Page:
What makes the rape so intriguing (if one should call it that) and necessary in its stylistic placement is what happens before it. In the club, where Marcus seeks, with no catharsis, vengeance for his girlfriend, the camera swirls, the lighting murky, the soundtrack oppressively unpleasant (Noé said he spiked the soundtrack with a low frequency crowd control police siren that causes nausea and vomiting) making the audience strain to see what's happening. But when the rape occurs, it's created to make one look away, hence depicting two differently filmed versions of wide-awake nightmares. Which is worse, feeling a visceral scene so intensely that you might become sick? Or staring at a scene so horrific that you feel guilty? Challenging notions of watching sex and violence in cinema with a unique compare and contrast of unpleasantly, one has a hard time knowing exactly what to feel-but he's a good enough filmmaker to create something other than simple shock. There's much beyond this-Noé is being aggressively philosophical. As the film proclaims: "Time destroys all things."
But that has created further lobs pitted against the filmmaker. Noé has been accused of ponderous "adolescence," particularly with his long-standing fascination with Nietzsche (as if reading the German existentialist should only be a youthful phase). This seems particularly unfair since many films dealing with existential themes (like film noir) or the primal urges of man have been met with reverence. Think of John Boorman's Deliverance where similar points were dissected—an almost unwatchable rape scene, an immersion to the primal, and a non-cathartic act of vengeance (if you remember, John Voight is confused about whether he killed the wrong man involved in the rape scenario). Either people could handle such things in the '70s, or Irreversible is dressed so stylish and so fiercely (indeed, some may think the entire film feels like the Deliverance rape scene), that it offends many with its William Castle-ish jolts of sensation and morbid sense of humor.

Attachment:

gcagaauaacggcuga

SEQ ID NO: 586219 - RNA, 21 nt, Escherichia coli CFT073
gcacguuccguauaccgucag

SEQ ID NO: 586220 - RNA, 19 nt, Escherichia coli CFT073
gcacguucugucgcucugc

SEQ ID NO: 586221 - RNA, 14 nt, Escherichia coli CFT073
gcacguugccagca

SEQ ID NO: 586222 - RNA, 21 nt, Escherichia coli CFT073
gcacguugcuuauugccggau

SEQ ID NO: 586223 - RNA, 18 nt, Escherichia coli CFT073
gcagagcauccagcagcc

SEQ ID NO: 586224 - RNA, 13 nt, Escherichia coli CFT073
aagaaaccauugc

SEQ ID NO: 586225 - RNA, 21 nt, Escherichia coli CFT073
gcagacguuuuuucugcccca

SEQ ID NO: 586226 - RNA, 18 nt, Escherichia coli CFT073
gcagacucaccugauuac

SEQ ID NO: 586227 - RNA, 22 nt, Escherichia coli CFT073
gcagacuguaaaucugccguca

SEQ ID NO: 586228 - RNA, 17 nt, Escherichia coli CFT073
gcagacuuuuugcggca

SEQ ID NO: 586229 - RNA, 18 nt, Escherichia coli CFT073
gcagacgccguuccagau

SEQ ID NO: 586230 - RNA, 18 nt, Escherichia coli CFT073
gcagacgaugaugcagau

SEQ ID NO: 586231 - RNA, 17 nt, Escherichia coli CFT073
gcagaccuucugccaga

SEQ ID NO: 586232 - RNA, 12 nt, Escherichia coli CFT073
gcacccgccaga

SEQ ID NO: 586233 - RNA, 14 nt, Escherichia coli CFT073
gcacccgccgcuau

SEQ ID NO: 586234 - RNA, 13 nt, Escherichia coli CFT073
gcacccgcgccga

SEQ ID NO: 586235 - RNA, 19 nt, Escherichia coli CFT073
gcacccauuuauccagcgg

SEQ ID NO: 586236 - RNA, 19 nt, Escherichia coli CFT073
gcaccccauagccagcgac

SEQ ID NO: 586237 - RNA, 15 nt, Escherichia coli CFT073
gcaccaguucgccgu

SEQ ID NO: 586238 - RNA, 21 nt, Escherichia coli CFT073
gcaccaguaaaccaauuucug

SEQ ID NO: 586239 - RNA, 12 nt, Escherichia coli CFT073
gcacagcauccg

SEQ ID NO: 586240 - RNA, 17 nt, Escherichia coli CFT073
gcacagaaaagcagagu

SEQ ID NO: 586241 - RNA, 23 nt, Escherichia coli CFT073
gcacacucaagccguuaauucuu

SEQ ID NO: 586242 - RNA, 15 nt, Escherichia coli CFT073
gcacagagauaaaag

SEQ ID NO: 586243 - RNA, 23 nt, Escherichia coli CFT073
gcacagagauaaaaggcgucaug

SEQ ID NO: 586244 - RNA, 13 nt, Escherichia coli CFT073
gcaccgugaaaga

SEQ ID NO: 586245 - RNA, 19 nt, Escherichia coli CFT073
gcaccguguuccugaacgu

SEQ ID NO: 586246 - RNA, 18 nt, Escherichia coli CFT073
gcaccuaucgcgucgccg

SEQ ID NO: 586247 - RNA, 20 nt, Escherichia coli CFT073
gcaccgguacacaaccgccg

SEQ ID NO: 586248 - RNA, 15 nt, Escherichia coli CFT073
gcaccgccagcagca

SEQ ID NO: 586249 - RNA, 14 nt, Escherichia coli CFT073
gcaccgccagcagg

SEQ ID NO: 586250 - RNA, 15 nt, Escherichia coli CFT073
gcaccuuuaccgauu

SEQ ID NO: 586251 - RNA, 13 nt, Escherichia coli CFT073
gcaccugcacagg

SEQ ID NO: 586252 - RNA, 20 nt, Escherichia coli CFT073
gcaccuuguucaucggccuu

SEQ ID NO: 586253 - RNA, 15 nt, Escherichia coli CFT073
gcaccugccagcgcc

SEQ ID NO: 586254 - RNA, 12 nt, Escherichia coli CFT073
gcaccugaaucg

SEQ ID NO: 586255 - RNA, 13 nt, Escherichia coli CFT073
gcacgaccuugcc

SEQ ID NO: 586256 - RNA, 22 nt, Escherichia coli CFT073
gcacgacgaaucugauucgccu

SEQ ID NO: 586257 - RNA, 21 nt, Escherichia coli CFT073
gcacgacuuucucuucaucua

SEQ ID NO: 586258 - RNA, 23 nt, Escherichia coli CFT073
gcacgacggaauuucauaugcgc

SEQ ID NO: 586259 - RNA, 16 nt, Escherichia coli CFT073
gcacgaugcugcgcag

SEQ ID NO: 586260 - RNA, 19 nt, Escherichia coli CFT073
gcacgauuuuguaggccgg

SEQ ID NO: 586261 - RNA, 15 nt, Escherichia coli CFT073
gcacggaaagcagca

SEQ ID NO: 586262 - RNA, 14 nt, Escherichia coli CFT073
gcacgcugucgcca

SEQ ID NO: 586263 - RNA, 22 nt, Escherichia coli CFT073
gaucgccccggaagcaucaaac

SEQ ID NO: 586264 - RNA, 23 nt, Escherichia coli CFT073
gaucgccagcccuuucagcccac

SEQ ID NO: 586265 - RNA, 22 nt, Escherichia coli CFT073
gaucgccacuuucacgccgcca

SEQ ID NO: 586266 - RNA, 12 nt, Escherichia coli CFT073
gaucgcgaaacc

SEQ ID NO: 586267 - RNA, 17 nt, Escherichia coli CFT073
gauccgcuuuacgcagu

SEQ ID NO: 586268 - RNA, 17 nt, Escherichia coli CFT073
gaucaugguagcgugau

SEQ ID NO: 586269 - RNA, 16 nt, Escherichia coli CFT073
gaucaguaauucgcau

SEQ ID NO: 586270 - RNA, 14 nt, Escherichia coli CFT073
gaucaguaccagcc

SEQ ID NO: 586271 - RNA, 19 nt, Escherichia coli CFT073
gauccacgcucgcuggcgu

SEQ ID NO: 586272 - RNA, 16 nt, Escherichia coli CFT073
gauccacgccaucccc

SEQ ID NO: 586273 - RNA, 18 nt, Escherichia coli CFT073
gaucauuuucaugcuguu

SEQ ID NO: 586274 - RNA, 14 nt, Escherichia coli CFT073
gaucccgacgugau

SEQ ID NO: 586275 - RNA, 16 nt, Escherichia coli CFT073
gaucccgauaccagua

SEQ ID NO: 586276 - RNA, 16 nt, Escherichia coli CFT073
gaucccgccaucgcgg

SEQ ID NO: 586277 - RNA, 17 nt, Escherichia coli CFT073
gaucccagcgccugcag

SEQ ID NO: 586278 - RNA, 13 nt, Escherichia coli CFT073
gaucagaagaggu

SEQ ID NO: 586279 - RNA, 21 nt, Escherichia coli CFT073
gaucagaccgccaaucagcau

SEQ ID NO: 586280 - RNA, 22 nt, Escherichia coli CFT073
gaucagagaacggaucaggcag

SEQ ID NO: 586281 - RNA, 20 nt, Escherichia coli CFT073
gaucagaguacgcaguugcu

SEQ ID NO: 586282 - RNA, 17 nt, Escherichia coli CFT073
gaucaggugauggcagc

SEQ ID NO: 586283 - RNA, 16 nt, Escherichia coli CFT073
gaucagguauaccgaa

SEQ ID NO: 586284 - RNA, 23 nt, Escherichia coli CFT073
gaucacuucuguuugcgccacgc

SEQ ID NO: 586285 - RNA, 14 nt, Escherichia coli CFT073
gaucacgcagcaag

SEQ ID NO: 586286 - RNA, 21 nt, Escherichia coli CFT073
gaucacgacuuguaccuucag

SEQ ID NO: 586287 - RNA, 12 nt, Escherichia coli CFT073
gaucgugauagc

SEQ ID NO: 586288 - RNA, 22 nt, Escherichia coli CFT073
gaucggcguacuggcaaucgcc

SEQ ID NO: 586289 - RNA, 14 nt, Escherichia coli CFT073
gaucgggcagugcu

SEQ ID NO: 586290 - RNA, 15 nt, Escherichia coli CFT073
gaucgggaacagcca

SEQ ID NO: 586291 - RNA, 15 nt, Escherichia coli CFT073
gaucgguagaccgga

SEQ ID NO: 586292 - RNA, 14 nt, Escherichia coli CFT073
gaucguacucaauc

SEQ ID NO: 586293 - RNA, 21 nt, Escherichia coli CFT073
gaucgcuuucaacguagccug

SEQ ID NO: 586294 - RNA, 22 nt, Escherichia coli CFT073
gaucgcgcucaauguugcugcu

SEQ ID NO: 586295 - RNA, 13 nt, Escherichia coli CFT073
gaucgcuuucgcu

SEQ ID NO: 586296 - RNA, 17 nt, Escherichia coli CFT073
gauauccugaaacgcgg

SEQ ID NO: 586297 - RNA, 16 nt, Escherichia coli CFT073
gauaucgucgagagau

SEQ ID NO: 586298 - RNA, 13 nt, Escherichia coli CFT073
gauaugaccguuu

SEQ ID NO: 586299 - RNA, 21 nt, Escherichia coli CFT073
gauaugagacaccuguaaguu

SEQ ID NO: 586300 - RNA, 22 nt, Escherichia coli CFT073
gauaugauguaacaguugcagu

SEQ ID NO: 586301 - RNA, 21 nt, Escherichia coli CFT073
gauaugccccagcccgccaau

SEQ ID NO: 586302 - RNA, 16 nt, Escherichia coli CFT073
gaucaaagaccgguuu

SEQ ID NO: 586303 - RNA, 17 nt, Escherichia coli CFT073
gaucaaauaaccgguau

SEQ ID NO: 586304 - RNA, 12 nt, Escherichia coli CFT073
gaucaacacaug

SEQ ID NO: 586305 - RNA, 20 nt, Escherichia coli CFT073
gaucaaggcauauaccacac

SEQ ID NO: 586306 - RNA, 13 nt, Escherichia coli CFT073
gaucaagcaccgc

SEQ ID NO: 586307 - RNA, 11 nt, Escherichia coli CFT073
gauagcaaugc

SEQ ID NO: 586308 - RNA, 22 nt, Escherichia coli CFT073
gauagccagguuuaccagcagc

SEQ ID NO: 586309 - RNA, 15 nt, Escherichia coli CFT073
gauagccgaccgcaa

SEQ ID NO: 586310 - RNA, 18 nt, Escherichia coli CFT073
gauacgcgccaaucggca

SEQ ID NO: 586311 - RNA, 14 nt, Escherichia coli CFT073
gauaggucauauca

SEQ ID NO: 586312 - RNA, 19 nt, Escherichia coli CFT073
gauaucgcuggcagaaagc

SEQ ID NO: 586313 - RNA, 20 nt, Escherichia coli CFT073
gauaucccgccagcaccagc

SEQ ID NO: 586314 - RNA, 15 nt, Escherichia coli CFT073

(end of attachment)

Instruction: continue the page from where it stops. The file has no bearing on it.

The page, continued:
But Irreversible isn't merely depraved ballyhoo. It also contains touching moments of tenderness, as it winds backward showing the lovers before their tragedies. It's tough that its nearly impossible to relish their moments without knowing the portent of destruction, but it also highlights how delicate and fleeting these instances can be. Like Thomas Hardy and his darkest novels, Tess of the d'Urbervilles and Jude the Obscure, these characters are locked in their fate and their actions, even innocent, will propel them into a horror movie. However, to look at Noé positively, he could be saying, "Appreciate life at the moment. Time may destroy all things, but the time is now."
Though many people will not necessarily like Irreversible, it's a film that causes introspection, whether one thinks about the actual themes of the movie or one's own reaction to it (I think Noé wants viewer's to consider both options). Like Japanese shock maestro Takashi Miike, Noé is technically brilliant (and even that is used against him) and deserving of more consideration, past his ability to disturb. But Noé is pissing people off, offending those simply by his film's subject matter or offending those by his in your face can-you-take-it approach. It's as if some critic's feel bullied by Noé, that if they reveal their distaste, they'll be unveiled as cinematic pussies. But I think there's much more to Noé than the creepiest guy on the playground. He's applying philosophy to film, in beautifully crafting pictures hewants to make. Feral yet eloquent, Irreversible is a work of painful, vicious poetry.
Read More Kim Morgan at her blog Sunset Gun